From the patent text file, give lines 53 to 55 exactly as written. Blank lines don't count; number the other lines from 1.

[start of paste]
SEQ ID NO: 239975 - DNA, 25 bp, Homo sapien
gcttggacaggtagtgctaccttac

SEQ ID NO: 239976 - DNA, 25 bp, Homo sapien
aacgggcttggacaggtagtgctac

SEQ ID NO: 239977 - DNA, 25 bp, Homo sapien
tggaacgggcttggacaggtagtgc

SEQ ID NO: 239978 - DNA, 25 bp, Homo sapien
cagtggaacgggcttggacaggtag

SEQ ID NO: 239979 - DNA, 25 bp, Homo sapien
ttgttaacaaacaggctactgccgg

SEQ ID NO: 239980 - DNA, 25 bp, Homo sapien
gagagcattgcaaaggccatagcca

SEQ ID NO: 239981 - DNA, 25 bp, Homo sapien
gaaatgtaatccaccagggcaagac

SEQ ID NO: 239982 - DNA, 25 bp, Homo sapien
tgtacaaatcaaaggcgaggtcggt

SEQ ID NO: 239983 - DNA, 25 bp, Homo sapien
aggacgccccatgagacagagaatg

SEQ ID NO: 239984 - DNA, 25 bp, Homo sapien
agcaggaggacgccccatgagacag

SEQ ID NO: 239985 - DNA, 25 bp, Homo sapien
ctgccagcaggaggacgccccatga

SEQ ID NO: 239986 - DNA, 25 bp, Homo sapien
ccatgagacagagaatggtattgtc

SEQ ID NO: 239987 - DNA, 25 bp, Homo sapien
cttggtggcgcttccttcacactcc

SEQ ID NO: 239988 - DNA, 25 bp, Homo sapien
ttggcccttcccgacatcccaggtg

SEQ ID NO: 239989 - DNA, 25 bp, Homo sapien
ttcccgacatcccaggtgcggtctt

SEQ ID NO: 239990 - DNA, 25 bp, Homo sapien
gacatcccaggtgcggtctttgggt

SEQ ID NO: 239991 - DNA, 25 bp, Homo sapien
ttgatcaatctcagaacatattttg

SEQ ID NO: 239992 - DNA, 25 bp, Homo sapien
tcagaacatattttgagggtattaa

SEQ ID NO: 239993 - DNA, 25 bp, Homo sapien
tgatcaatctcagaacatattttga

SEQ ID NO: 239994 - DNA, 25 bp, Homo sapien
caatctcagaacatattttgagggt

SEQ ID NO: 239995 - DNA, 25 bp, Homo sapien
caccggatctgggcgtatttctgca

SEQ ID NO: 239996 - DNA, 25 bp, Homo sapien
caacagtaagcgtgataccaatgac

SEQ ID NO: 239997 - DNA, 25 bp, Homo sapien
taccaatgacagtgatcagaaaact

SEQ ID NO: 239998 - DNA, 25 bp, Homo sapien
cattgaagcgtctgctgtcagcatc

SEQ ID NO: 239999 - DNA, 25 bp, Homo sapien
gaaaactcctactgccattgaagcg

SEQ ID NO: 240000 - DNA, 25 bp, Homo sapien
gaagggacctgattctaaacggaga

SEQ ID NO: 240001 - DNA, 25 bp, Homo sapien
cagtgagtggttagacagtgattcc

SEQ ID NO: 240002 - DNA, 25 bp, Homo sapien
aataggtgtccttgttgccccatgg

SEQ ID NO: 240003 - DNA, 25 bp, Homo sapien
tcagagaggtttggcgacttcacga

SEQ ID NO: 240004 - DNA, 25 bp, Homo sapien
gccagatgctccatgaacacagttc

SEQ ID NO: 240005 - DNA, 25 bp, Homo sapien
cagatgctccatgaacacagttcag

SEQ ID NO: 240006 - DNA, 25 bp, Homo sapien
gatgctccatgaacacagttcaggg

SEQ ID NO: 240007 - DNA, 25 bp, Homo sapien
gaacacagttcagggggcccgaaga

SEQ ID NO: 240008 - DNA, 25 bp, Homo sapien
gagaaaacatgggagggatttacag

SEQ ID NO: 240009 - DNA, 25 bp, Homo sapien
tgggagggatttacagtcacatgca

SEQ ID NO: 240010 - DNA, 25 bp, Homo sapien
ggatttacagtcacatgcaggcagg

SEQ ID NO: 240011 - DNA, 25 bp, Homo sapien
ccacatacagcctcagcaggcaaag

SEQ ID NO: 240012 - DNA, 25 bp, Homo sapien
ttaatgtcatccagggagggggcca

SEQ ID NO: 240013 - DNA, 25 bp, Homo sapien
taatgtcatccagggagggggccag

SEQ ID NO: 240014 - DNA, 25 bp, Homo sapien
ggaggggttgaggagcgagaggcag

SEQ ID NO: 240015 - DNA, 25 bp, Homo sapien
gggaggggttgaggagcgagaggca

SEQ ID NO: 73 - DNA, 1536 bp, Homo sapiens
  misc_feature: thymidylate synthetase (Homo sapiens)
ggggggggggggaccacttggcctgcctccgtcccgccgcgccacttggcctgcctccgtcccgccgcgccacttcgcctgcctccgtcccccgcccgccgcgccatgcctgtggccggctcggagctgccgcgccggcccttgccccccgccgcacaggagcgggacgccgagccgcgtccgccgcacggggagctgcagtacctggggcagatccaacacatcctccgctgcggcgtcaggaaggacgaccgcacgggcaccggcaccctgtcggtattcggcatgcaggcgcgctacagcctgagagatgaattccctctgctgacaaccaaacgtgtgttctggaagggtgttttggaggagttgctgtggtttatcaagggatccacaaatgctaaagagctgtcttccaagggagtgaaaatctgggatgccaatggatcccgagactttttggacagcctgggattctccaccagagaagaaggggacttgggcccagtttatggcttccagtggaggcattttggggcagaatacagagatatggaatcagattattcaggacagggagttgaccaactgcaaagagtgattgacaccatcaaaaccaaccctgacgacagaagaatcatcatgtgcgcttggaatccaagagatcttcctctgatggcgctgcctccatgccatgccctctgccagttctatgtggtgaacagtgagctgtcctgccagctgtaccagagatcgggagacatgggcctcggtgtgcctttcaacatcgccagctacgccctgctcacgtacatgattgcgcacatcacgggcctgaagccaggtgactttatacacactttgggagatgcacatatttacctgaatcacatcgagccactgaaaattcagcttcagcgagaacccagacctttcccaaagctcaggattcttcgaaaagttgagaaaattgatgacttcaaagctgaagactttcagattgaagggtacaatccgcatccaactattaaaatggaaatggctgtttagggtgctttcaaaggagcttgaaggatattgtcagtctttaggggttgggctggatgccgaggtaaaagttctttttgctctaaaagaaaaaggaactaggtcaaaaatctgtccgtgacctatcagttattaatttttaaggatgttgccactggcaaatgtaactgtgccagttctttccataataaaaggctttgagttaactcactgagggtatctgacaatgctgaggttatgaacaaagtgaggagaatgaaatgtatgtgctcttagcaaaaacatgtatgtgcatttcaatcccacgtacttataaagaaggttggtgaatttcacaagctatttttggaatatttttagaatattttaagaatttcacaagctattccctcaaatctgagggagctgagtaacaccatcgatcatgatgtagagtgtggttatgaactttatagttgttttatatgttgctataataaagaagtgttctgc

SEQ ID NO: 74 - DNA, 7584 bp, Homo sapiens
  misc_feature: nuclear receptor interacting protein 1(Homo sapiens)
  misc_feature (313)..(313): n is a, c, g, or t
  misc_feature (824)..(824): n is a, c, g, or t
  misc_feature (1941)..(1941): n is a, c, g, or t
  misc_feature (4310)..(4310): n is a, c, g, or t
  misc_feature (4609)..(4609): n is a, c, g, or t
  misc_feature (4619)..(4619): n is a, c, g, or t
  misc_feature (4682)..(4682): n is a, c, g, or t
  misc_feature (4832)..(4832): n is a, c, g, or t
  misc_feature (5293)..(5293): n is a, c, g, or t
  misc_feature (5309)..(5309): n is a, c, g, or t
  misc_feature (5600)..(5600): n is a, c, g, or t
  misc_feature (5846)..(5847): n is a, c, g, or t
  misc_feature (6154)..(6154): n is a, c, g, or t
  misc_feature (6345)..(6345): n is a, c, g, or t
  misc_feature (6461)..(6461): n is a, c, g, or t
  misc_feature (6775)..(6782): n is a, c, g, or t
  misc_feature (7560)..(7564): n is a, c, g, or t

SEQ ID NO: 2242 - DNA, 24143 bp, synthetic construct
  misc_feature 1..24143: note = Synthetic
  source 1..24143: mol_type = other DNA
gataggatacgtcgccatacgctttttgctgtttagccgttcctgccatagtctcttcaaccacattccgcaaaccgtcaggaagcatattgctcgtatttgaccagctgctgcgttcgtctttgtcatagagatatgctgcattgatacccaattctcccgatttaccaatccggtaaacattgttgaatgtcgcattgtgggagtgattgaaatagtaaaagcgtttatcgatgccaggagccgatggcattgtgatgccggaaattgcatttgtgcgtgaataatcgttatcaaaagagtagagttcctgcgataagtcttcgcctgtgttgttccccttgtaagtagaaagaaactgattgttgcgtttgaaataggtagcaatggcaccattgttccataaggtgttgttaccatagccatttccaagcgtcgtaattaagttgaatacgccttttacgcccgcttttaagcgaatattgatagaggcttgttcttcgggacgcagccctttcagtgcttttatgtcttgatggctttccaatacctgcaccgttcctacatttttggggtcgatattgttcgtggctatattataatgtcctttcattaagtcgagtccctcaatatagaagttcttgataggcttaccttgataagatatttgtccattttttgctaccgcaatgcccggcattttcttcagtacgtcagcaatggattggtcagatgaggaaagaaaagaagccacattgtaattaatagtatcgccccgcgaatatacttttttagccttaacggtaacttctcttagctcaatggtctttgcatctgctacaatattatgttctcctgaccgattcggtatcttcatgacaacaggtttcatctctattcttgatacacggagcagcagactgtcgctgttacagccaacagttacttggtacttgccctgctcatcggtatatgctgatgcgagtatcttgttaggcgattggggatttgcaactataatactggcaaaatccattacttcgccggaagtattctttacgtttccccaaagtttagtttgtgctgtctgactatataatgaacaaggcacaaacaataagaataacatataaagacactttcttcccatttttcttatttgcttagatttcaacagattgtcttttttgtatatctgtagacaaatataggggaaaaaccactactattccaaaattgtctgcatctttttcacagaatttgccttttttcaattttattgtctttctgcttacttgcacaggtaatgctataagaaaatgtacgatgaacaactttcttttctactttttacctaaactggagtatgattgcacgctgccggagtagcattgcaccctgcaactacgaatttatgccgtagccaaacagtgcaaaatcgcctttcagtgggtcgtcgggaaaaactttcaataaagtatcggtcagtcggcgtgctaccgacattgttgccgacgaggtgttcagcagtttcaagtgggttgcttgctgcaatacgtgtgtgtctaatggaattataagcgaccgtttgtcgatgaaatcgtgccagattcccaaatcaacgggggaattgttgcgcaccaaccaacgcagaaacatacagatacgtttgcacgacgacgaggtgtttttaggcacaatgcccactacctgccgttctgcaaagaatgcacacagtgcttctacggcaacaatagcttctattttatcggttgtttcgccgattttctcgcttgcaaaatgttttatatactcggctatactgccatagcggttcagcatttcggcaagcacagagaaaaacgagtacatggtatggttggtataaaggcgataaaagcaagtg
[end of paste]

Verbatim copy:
SEQ ID NO: 240001 - DNA, 25 bp, Homo sapien
cagtgagtggttagacagtgattcc

SEQ ID NO: 240002 - DNA, 25 bp, Homo sapien